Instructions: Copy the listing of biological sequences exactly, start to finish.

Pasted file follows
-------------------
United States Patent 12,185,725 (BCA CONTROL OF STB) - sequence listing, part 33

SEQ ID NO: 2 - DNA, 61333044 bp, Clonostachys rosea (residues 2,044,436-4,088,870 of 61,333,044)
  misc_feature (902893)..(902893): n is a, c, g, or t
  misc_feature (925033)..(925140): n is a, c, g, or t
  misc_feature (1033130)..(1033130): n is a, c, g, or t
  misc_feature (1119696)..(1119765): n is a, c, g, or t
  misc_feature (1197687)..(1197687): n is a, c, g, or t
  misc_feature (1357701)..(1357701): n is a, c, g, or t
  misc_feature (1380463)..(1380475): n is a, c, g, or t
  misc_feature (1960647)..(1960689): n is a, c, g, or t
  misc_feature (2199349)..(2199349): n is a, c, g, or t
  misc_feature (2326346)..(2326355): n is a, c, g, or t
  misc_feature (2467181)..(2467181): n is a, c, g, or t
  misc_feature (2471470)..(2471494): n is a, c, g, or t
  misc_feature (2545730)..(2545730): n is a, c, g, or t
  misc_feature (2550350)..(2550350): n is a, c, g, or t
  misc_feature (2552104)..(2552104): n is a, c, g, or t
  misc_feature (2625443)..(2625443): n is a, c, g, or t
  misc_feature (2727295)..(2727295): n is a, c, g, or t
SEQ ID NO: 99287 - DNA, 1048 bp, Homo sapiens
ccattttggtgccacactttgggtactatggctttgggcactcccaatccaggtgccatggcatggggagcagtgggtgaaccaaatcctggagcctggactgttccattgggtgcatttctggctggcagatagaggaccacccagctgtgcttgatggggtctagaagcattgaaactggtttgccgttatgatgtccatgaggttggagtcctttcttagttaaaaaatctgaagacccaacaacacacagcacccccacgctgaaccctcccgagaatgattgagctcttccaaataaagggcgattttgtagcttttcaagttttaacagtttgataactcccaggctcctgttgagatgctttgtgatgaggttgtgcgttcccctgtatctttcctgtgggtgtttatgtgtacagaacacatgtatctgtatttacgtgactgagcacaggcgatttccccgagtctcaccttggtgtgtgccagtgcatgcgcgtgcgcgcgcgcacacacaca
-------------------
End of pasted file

United States Patent 12,185,725 (BCA CONTROL OF STB) - sequence listing, part 33

SEQ ID NO: 2 - DNA, 61333044 bp, Clonostachys rosea (residues 2,044,436-4,088,870 of 61,333,044)
  misc_feature (902893)..(902893): n is a, c, g, or t
  misc_feature (925033)..(925140): n is a, c, g, or t
  misc_feature (1033130)..(1033130): n is a, c, g, or t
  misc_feature (1119696)..(1119765): n is a, c, g, or t
  misc_feature (1197687)..(1197687): n is a, c, g, or t
  misc_feature (1357701)..(1357701): n is a, c, g, or t
  misc_feature (1380463)..(1380475): n is a, c, g, or t
  misc_feature (1960647)..(1960689): n is a, c, g, or t
  misc_feature (2199349)..(2199349): n is a, c, g, or t
  misc_feature (2326346)..(2326355): n is a, c, g, or t
  misc_feature (2467181)..(2467181): n is a, c, g, or t
  misc_feature (2471470)..(2471494): n is a, c, g, or t
  misc_feature (2545730)..(2545730): n is a, c, g, or t
  misc_feature (2550350)..(2550350): n is a, c, g, or t
  misc_feature (2552104)..(2552104): n is a, c, g, or t
  misc_feature (2625443)..(2625443): n is a, c, g, or t
  misc_feature (2727295)..(2727295): n is a, c, g, or t
SEQ ID NO: 99287 - DNA, 1048 bp, Homo sapiens
ccattttggtgccacactttgggtactatggctttgggcactcccaatccaggtgccatggcatggggagcagtgggtgaaccaaatcctggagcctggactgttccattgggtgcatttctggctggcagatagaggaccacccagctgtgcttgatggggtctagaagcattgaaactggtttgccgttatgatgtccatgaggttggagtcctttcttagttaaaaaatctgaagacccaacaacacacagcacccccacgctgaaccctcccgagaatgattgagctcttccaaataaagggcgattttgtagcttttcaagttttaacagtttgataactcccaggctcctgttgagatgctttgtgatgaggttgtgcgttcccctgtatctttcctgtgggtgtttatgtgtacagaacacatgtatctgtatttacgtgactgagcacaggcgatttccccgagtctcaccttggtgtgtgccagtgcatgcgcgtgcgcgcgcgcacacacaca